A 2019 review of 35 studies into online learning by Jacqueline Wong et al explores the connection between online learning and self-regulated learning. The study highlights the significance of supports for self-regulated learning such as the use of prompts or feedback in promoting the development and deployment of strategies for self-regulated learning, leading to better achievement in online learning:
In online learning environments where the instructor presence is low, learners have to make the decisions regarding when to study or how to approach the study materials. Therefore, learners’ ability to self-regulate their own learning becomes a crucial factor in their learning success … [S]upporting self-regulated learning strategies can help learners become better at regulating their learning, which in turn could enhance their learning performance.
In a 2005 study of ‘Virtual High School’ (VHS), the oldest provider of distance learning courses to high school students in the United States, Susan Lowes notes that the VHS’s pedagogical approach ‘emphasizes student-centered teaching; collaborative, problem-based learning; small-group work; and authentic performance-based assessment’. This approach, Lowes comments, is aligned with a growing body of literature on the characteristics of successful online courses.
Taking a more student-centred approach during online instruction fits with features of the online environment. It is natural to make more use of asynchronous assignments and to expect students to take more responsibility for their study, given that they are not subject to direct supervision in a classroom setting and may be accessing course materials outside of a conventional timetable.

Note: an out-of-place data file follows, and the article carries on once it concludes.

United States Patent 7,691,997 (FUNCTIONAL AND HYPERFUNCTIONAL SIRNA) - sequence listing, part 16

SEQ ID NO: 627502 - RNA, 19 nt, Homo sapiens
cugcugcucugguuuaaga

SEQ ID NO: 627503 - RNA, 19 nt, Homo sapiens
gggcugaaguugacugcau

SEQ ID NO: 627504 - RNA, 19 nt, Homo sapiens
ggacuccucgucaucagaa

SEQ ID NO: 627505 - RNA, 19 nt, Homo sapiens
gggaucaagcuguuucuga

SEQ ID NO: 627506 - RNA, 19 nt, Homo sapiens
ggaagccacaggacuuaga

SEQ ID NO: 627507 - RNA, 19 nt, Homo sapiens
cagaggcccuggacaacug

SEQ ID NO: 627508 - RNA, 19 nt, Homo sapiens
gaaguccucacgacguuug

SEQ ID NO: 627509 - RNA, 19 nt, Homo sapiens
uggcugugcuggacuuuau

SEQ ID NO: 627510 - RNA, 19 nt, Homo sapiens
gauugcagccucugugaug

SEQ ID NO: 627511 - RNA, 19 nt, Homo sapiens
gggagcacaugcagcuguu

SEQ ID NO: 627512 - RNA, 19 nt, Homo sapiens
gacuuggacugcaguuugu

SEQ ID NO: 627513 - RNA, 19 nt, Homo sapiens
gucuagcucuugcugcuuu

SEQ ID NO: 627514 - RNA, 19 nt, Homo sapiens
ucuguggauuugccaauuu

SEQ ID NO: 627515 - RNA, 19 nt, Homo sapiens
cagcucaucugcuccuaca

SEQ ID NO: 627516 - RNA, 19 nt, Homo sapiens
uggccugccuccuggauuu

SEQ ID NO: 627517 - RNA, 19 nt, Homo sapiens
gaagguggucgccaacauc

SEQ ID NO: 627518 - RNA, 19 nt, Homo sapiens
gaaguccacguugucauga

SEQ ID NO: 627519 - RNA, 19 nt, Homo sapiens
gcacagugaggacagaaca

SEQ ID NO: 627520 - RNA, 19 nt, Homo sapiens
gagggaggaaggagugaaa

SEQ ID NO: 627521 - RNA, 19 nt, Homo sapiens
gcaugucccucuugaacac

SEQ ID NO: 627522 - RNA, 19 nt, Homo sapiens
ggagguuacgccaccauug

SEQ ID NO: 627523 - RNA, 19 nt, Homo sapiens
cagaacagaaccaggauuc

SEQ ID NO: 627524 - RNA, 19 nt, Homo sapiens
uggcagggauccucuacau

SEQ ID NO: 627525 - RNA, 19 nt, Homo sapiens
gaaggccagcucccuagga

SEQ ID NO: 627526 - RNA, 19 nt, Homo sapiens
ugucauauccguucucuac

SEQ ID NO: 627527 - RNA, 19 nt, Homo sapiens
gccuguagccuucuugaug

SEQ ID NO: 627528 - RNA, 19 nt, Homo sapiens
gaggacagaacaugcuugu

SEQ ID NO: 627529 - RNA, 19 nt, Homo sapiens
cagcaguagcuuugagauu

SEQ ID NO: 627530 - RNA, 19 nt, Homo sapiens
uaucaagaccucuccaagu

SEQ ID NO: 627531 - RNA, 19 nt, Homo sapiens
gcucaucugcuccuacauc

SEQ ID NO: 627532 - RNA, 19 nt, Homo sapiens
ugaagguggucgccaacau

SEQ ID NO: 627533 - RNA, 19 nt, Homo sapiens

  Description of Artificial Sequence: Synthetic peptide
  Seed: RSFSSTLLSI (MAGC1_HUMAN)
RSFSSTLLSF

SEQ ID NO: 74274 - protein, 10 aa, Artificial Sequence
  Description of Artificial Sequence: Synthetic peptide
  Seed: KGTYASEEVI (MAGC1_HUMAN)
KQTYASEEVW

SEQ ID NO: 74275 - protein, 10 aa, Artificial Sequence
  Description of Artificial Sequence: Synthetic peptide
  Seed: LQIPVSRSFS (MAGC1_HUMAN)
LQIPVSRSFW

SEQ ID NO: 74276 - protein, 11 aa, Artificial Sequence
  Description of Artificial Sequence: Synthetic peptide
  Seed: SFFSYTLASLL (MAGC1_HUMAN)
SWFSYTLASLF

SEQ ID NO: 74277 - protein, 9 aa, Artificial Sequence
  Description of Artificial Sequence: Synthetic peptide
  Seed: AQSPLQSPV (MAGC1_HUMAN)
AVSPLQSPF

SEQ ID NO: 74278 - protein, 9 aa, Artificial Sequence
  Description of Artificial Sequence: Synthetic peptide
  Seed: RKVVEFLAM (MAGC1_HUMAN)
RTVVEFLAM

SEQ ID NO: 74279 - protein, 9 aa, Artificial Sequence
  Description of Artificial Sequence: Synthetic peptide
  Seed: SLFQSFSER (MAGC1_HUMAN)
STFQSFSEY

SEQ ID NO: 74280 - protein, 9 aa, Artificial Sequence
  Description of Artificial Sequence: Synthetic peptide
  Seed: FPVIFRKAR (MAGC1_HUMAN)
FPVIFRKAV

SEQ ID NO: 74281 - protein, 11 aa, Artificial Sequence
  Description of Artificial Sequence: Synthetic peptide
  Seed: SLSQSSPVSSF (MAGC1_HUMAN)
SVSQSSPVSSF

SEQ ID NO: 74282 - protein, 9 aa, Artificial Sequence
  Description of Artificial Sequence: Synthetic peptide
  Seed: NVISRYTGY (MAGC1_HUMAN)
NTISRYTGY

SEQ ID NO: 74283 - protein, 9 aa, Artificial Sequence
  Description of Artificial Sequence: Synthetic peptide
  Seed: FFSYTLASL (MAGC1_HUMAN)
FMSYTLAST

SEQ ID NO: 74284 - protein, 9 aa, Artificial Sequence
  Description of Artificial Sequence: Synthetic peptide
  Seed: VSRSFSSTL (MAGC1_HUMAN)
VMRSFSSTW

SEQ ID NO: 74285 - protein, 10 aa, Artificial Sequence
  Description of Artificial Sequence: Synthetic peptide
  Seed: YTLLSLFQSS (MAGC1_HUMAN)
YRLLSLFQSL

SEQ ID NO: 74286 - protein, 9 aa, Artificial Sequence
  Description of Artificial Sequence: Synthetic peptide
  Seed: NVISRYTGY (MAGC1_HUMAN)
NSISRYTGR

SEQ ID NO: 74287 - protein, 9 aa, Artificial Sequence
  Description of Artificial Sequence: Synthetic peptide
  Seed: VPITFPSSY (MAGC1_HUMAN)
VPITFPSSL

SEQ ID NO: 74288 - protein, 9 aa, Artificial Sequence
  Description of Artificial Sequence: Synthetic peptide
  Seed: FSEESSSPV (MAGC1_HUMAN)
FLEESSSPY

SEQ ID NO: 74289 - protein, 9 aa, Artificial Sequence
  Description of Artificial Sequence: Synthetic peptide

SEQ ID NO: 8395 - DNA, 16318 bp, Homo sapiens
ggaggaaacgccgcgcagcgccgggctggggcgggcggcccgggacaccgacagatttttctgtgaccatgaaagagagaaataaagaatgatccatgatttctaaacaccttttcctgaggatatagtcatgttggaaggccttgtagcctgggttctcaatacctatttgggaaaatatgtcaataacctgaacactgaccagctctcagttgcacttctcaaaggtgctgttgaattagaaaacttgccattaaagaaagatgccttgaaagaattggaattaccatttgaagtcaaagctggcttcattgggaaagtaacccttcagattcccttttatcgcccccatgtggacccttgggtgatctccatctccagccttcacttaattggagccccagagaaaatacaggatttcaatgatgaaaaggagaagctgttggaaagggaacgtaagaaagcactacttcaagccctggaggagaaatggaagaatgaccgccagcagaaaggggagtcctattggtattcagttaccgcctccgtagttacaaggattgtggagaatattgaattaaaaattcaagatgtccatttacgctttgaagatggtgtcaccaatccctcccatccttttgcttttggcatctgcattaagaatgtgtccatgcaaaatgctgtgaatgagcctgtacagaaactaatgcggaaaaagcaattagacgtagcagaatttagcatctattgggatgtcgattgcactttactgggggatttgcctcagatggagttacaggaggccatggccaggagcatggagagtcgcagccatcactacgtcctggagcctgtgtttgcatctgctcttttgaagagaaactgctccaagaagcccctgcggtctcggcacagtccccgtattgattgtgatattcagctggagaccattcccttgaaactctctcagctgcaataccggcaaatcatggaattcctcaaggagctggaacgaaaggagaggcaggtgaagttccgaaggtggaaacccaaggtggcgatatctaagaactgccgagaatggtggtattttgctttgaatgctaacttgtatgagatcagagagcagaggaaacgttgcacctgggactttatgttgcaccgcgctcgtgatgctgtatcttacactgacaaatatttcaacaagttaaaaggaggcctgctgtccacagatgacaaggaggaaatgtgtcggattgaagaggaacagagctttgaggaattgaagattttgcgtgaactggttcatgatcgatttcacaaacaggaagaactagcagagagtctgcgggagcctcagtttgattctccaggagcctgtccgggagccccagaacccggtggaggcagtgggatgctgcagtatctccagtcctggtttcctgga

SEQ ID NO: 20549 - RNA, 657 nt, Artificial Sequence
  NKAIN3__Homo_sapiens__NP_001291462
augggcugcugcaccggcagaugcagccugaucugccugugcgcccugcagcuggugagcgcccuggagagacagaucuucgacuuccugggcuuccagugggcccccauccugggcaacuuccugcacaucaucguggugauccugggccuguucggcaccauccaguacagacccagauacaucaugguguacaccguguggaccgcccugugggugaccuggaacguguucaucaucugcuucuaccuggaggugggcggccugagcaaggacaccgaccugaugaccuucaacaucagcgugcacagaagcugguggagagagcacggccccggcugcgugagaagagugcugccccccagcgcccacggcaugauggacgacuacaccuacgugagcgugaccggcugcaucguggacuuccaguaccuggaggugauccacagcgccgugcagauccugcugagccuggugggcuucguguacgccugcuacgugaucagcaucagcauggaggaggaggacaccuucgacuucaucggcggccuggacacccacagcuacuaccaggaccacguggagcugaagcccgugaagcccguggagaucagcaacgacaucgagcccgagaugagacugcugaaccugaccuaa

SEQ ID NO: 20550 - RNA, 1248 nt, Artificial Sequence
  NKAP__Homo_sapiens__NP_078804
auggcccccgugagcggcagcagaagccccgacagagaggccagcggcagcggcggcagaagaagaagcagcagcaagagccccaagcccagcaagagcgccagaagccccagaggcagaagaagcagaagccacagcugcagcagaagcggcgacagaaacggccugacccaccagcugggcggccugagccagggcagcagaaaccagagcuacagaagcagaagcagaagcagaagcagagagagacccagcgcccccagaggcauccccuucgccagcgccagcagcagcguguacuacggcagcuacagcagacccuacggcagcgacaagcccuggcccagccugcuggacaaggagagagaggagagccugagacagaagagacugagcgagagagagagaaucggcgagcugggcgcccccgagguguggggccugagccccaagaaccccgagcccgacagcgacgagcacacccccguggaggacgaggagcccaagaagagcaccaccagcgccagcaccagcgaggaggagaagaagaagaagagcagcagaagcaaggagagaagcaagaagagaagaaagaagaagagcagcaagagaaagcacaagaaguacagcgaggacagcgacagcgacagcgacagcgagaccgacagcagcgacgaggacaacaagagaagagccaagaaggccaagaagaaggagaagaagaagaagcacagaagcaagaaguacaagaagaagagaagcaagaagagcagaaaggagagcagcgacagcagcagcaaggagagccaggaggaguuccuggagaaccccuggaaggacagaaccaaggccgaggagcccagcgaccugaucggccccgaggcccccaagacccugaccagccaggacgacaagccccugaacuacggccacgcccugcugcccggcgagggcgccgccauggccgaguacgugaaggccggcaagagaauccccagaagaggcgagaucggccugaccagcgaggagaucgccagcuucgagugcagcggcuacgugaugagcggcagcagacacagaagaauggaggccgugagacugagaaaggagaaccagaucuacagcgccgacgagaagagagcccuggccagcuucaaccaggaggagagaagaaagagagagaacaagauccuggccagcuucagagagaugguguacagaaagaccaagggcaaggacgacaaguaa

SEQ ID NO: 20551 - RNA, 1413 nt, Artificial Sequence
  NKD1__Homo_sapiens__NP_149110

4. Can online distance learning support the development of self-regulated learning?
It may be the case that, even if Barbour and Reeves are correct in claiming that only those students with an ‘independent orientation towards learning’typically achieve successful outcomes from online distance learning programmes, a countervailing relationship obtains insofar as participation in an online distance learning programme may foster the development of the propensity for self-regulated learning.
A controlled study in 2018 by Ruchan Uz and Adem Uzun of 167 undergraduate students on a programming language course compared blended learning with a traditional learning environment. The study found that, for the purpose of developing self-regulated learning skills, blended instruction was more effective than traditional instruction.
In a 2011 review of 55 empirical studies, Matthew Bernacki, Anita Aguilar and James Byrnes noted that research suggests that:
[T]echnologically enhanced learning environments … represent an opportunity for students to build their ability to self-regulate, and for some, leverage their ability to apply self-regulated learning … to acquire knowledge.
Their review suggests that the use of technologically enhanced learning environments can promote self-regulated learning and that such environments are best used by learners who can self-regulate their learning.
However, an investigation by Peter Serdyukov and Robyn Hill into whether online students do learn independently argues that independent learning requires active promotion as well as a desire to promote autonomy on the part of the instructor and the necessary skills and motivation on the part of students. Where these conditions are not met, the aspiration to autonomy is frustrated, which can lead to negative outcomes from the online learning experience.